Anxiety is a term used to describe a normal feeling people experience when faced with threat, anger, or when stressed; when people become anxious, they feel upset, uncomfortable, and tense (National Mental Health Strategy [NMHS], 2007). Anxiety is a normal feeling that everyone experiences from time to time. It is when you feel scared and worried a lot of the time and sometimes you are not even sure why is that happening to you; other words for anxiety are ‘feeling tense’ and ‘feeling nervous’ (Scope, 2008).
Some definitions of anxiety are given below:
Anxiety is the displeasing feeling of fear and concern (Davison, 2008).
Anxiety is a normal response to threat or danger, which can be helpful as it mobilises energy reserves and improves performance (Watson, 2011)
Barlow (2002) also defined anxiety and fear as, anxiety is a future oriented mood state associated with preparation for possible, upcoming negative events; and fear is an alarm response to present or imminent danger (real or perceived).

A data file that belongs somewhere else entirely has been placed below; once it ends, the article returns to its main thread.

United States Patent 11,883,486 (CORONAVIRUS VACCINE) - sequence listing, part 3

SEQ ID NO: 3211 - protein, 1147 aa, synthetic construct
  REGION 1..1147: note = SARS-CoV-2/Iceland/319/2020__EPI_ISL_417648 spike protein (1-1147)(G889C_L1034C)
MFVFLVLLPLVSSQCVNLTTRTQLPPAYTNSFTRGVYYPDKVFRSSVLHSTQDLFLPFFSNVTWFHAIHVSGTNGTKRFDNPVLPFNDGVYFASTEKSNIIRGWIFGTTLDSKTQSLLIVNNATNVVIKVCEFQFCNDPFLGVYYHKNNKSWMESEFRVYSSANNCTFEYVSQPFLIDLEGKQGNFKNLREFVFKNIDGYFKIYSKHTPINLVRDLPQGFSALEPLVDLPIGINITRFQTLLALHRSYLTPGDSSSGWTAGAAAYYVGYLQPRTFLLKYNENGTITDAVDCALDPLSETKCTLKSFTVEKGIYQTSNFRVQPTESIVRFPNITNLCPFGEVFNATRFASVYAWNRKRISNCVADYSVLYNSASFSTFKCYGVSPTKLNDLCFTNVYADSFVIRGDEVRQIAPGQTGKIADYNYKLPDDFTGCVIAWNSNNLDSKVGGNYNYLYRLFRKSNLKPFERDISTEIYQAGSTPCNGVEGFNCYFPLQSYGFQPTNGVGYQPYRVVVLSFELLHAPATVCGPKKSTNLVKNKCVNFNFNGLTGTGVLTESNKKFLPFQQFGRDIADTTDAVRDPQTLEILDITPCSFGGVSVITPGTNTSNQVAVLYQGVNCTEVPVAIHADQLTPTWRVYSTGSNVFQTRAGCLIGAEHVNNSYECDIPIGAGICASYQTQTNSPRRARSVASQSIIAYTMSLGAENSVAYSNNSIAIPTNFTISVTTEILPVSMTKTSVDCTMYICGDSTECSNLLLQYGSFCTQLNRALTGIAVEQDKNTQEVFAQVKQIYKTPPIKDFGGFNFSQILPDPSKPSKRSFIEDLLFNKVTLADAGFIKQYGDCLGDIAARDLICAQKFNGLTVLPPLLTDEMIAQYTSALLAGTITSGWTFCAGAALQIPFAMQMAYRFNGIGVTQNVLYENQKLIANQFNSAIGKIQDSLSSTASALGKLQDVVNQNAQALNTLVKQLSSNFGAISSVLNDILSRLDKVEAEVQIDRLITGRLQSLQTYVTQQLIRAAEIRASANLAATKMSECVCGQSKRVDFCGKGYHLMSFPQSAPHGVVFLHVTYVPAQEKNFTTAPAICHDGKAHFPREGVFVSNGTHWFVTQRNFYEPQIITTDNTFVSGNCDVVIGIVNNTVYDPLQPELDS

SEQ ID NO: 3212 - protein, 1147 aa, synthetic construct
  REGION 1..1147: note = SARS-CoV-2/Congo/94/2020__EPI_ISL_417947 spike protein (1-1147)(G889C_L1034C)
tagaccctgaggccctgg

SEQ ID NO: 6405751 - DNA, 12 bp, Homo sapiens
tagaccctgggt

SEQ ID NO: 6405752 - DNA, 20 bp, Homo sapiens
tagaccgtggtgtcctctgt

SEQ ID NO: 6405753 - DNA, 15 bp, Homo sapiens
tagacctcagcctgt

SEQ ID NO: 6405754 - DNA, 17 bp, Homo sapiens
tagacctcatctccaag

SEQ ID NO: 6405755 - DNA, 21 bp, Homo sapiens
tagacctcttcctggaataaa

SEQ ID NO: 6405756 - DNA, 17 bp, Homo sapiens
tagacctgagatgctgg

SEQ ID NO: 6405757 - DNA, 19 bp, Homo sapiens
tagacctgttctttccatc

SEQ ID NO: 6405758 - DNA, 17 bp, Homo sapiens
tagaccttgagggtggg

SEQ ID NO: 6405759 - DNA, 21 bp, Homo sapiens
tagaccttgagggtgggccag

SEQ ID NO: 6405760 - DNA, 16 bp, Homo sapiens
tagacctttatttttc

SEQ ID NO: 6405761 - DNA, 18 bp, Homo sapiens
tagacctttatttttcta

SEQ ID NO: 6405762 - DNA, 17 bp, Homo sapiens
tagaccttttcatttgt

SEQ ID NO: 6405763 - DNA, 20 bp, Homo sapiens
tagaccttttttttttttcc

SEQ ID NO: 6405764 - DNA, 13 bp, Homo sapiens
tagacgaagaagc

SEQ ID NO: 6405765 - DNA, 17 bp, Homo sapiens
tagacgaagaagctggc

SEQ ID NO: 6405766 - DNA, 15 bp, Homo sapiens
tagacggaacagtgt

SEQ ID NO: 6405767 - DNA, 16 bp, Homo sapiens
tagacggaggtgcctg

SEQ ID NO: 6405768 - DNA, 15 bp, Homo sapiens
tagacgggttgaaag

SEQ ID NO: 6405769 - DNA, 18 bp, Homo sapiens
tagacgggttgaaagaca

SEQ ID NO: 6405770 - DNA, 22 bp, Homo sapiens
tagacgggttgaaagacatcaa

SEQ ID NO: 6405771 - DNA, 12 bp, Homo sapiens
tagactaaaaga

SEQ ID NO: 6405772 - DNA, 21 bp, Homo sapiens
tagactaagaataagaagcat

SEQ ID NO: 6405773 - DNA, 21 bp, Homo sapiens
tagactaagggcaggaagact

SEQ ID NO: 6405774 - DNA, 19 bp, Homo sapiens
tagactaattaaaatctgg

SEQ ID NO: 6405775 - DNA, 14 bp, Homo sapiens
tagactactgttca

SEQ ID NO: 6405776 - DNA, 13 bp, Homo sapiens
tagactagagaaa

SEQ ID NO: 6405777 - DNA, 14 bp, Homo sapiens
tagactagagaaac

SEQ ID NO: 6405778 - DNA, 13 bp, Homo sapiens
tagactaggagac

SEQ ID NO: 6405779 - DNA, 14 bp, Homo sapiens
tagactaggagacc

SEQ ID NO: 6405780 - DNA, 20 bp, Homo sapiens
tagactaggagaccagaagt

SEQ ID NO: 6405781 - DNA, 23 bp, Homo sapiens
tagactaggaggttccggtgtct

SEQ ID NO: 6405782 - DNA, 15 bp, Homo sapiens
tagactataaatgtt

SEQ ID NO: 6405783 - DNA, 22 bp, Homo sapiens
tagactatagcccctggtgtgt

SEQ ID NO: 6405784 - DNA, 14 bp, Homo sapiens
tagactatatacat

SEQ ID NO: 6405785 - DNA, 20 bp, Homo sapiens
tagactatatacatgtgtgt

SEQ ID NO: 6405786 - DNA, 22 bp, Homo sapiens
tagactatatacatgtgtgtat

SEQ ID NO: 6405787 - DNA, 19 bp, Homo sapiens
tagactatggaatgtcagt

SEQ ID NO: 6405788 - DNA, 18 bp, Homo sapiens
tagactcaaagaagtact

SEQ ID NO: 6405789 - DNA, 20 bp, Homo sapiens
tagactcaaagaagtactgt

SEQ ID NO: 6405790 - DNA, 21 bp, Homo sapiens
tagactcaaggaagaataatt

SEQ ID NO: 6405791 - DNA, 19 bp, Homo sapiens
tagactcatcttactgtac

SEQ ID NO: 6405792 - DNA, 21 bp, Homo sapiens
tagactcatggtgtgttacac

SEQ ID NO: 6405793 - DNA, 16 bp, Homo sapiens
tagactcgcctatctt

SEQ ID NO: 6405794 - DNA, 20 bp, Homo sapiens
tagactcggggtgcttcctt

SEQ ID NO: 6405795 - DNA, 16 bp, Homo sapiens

Anxiety is a normal part of living. According to Anxiety Disorders Association of America (ADAA, 2006), It’s the body’s way of telling us something is not right, It keeps us from harm’s way and prepares us to act quickly in the face of danger; However, for some people, anxiety is persistent, irrational and overwhelming. It may get in the way of day-to-day activities and even make them impossible; this may be a sign of an anxiety disorder or phobia.
Lang (1968) classified the symptoms of fear and anxiety into a system of three-responses: verbal-subjective, overt motor acts, and somato-visceral activity. In this system, and in accordance with the definitions of anxiety and fear, the symptoms of anxiety include worry in verbal-subjective, avoidance in overt motor acts, and muscle tension in somato-visceral activity (Craske et al., 2004). The term “anxiety disorders” describes a group of conditions including generalized anxiety disorder (GAD),...
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